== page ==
May 11 2012

Piedmont’s Employee Pension Plans Explained by Actuarial Consultant

Piedmont’s Actuarial Consultant attended the May 8 meeting of the Budget Advisory and Financial Planning Committee (BAFPC).  For the first two hours of the meeting, actuary Marilyn Oliver of Bartel Associates, LLC answered the committee’s questions about Piedmont’s employee pension plans so that they could evaluate its possible future costs for the City.

CalPERS Pools for Cities with Less than 100 Employees

Piedmont, like many California cities, provides employee pension plans administered by the California Public Employees Pension System (CalPERS).  For ease of administration, on June 30, 2003, CalPERS established discrete pools of employees with identical defined benefit pensions, Oliver explained.  Each pool is composed of employees of public entities (local governments and agencies) with fewer than 100 employees.  All employees in each pool have the same pension benefit formula and same job classification, (“Safety” or  “Miscellaneous”).  Piedmont’s fire & police employees are in a CalPERS Safety pool; all have a benefit formula of 3% at age 50 x FAE1 x years of employment with a CalPERS participating public entity.  All other Piedmont employees are in a CalPERS Miscellaneous pool with a benefit formula of 3% at age 60 x FAE1 x years of employment with a CalPERS participating public entity. (FAE1 = average monthly earnings in the last year of employment before retirement.)

CalPERS Pension Plan Costs are Unpredictable

BAFPC chair Bill Hosler observed, “It’s an uncontrollable cost to the City.  You want to hire a police officer but you don’t know what that police officer will cost over the next 25 years.”  The BAFPC is charged with reviewing five year budget projections, so the members were frustrated with the uncontrollable and unknowable future costs of Piedmont’s pension plans.

The consultant explained that CalPERS is an administrator, rather than a traditional insurer since Piedmont and the other public entities participating in CalPERS plans bear ultimate liability.  The liability risks are shared within each pool.  If too many people retire in a given pool, the costs go up.  If employers in the pool downsize their staffs, the costs go up because there are smaller payrolls, so the contribution must go up.  In addition, when CalPERS investment decisions result in net losses, rather than providing income, Piedmont and other participants are liable.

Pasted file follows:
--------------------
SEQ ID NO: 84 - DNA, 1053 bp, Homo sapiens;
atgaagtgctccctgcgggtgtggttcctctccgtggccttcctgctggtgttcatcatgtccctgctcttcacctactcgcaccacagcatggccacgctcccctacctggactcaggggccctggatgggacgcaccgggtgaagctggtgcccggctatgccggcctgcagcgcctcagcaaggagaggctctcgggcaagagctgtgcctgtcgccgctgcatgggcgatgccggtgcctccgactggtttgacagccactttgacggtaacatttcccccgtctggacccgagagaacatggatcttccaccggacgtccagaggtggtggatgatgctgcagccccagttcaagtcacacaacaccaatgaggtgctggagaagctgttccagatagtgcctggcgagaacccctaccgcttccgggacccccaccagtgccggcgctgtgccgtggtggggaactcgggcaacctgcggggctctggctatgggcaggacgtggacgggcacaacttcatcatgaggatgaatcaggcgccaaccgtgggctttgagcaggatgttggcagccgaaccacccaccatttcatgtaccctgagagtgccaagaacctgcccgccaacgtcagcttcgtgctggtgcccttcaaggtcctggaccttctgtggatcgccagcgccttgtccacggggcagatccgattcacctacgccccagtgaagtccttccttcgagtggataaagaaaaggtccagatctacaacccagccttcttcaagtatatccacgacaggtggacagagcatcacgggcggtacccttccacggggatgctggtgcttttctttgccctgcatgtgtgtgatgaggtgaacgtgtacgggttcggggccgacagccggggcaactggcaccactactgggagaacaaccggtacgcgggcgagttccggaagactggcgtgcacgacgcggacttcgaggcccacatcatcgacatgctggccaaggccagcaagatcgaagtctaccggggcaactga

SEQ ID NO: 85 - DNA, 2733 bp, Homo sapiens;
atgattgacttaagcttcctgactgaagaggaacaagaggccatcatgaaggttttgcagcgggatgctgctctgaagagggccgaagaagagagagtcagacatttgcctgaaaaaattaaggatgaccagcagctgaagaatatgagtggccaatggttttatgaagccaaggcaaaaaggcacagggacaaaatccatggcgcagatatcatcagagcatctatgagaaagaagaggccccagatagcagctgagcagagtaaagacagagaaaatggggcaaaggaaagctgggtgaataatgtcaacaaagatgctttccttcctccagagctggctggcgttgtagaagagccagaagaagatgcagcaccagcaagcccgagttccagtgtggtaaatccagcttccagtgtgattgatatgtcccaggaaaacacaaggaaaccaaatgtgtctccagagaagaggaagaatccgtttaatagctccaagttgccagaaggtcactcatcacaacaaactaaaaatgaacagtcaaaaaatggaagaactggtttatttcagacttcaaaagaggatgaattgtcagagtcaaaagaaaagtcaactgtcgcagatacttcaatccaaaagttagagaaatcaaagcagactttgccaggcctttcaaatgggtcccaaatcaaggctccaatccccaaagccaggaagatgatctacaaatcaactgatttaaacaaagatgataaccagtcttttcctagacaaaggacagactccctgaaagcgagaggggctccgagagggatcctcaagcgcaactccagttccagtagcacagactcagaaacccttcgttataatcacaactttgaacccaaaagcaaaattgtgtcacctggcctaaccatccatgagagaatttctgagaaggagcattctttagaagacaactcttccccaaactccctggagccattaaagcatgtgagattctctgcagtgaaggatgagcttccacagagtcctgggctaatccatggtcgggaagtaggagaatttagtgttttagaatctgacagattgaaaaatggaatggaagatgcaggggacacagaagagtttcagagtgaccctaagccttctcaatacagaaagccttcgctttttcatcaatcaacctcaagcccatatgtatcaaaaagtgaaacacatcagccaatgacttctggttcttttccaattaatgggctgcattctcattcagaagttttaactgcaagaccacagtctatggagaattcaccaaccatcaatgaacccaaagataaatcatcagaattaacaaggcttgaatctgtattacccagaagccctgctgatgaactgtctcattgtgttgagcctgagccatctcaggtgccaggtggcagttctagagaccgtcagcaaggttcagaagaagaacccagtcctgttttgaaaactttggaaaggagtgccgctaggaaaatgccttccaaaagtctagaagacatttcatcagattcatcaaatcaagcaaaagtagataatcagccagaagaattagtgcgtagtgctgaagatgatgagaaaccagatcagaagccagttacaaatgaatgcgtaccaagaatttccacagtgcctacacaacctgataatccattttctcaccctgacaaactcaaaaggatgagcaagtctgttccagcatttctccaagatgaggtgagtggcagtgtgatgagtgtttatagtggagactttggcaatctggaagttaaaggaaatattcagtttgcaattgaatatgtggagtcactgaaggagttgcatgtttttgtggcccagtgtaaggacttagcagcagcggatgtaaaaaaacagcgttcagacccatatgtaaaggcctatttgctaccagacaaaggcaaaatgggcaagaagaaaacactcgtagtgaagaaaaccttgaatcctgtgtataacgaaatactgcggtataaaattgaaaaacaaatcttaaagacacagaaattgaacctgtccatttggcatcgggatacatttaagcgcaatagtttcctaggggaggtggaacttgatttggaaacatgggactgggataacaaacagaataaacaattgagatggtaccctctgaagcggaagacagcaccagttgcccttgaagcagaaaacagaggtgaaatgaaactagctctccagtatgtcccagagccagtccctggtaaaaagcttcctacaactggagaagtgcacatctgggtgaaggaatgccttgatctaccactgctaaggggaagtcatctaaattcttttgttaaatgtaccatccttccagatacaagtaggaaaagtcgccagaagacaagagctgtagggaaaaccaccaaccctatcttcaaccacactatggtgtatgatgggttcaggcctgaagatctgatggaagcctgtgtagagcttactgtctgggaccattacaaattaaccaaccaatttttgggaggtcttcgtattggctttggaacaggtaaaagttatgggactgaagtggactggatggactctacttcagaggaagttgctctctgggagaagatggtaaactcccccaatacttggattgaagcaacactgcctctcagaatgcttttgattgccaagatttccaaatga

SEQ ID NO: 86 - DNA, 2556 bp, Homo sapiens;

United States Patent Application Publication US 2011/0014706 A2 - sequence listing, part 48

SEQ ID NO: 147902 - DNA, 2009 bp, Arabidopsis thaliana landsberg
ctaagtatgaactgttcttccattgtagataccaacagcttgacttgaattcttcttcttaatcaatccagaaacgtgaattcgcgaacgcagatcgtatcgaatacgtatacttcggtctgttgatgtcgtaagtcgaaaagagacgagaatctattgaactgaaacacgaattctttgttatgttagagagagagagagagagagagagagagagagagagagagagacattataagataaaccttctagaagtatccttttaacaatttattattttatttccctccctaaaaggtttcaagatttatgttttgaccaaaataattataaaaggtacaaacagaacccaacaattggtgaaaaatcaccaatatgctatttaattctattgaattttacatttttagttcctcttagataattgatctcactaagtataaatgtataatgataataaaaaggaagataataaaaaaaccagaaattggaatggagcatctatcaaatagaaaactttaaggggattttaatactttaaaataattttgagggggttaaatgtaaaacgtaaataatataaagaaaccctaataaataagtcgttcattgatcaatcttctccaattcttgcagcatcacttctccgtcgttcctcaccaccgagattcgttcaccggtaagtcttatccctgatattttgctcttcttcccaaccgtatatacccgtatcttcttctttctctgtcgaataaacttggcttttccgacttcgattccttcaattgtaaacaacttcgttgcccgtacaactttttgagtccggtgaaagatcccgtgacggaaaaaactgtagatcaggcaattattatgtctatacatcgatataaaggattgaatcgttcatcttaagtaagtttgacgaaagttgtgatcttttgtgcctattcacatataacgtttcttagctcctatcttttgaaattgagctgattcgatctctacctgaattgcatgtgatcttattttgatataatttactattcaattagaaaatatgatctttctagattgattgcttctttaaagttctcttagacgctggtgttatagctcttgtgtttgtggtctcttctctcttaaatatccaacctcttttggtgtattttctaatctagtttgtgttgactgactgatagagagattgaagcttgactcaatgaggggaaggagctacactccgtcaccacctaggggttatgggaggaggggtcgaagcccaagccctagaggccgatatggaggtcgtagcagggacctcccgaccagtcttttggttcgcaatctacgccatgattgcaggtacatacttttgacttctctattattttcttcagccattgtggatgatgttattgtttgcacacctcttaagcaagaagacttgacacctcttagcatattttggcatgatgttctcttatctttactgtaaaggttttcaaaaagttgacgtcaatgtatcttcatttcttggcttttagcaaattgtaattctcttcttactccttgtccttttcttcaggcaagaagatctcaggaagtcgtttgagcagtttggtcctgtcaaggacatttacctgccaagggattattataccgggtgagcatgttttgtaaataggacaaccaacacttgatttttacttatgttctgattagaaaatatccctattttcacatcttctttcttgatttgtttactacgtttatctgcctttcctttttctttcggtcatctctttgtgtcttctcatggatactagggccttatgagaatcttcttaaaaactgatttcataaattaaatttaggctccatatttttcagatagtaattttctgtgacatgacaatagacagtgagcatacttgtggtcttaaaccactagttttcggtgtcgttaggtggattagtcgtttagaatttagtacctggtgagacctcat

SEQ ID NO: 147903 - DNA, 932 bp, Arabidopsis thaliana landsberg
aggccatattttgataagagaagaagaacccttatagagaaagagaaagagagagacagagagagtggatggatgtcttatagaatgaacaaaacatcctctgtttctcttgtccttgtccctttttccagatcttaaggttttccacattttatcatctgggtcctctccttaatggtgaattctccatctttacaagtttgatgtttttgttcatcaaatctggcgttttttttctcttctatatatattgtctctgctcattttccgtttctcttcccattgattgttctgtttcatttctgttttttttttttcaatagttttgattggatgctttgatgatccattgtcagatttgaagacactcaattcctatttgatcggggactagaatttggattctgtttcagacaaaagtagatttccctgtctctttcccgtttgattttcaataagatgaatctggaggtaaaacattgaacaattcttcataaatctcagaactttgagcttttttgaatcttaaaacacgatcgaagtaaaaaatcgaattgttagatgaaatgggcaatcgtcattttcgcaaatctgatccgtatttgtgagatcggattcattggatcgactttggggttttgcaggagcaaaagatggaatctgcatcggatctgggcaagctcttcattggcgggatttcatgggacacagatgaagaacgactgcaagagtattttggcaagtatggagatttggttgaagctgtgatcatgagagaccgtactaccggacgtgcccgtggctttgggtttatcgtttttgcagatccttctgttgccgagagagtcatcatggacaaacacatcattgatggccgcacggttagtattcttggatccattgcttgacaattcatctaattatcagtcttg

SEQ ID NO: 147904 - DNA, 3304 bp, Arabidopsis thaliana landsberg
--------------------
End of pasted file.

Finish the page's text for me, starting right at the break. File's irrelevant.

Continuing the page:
Oliver explained accrued unfunded liability can result from erroneous assumptions.  The amount of CalPERS unfunded future obligations is calculated on a “rolling”, 30-year amortization.  Each year is the first year of the re-calibrated, or new, 30-year amortization.

BAFPC members noted that one variable is the financial security of other public entities in the Safety and Miscellaneous pools in which Piedmont participates.  The consultant noted that some similarly situated communities are not in CalPERS. 

The BAFPC members are writing short narratives on critical budget issues to accompany draft five-year budget projections.  Both will be available for the City Council’s budget workshop on Saturday, May 19, 9am – 2pm.  The next meeting of the BAFPC will be Tuesday, May 15, at 6pm.

Related articles of interest:

More California Cities face Ballooning Public Employee Benefits or Bankruptcy

Stockton Leaders cite Hidden Costs for Fiscal Woes

Leave a Comment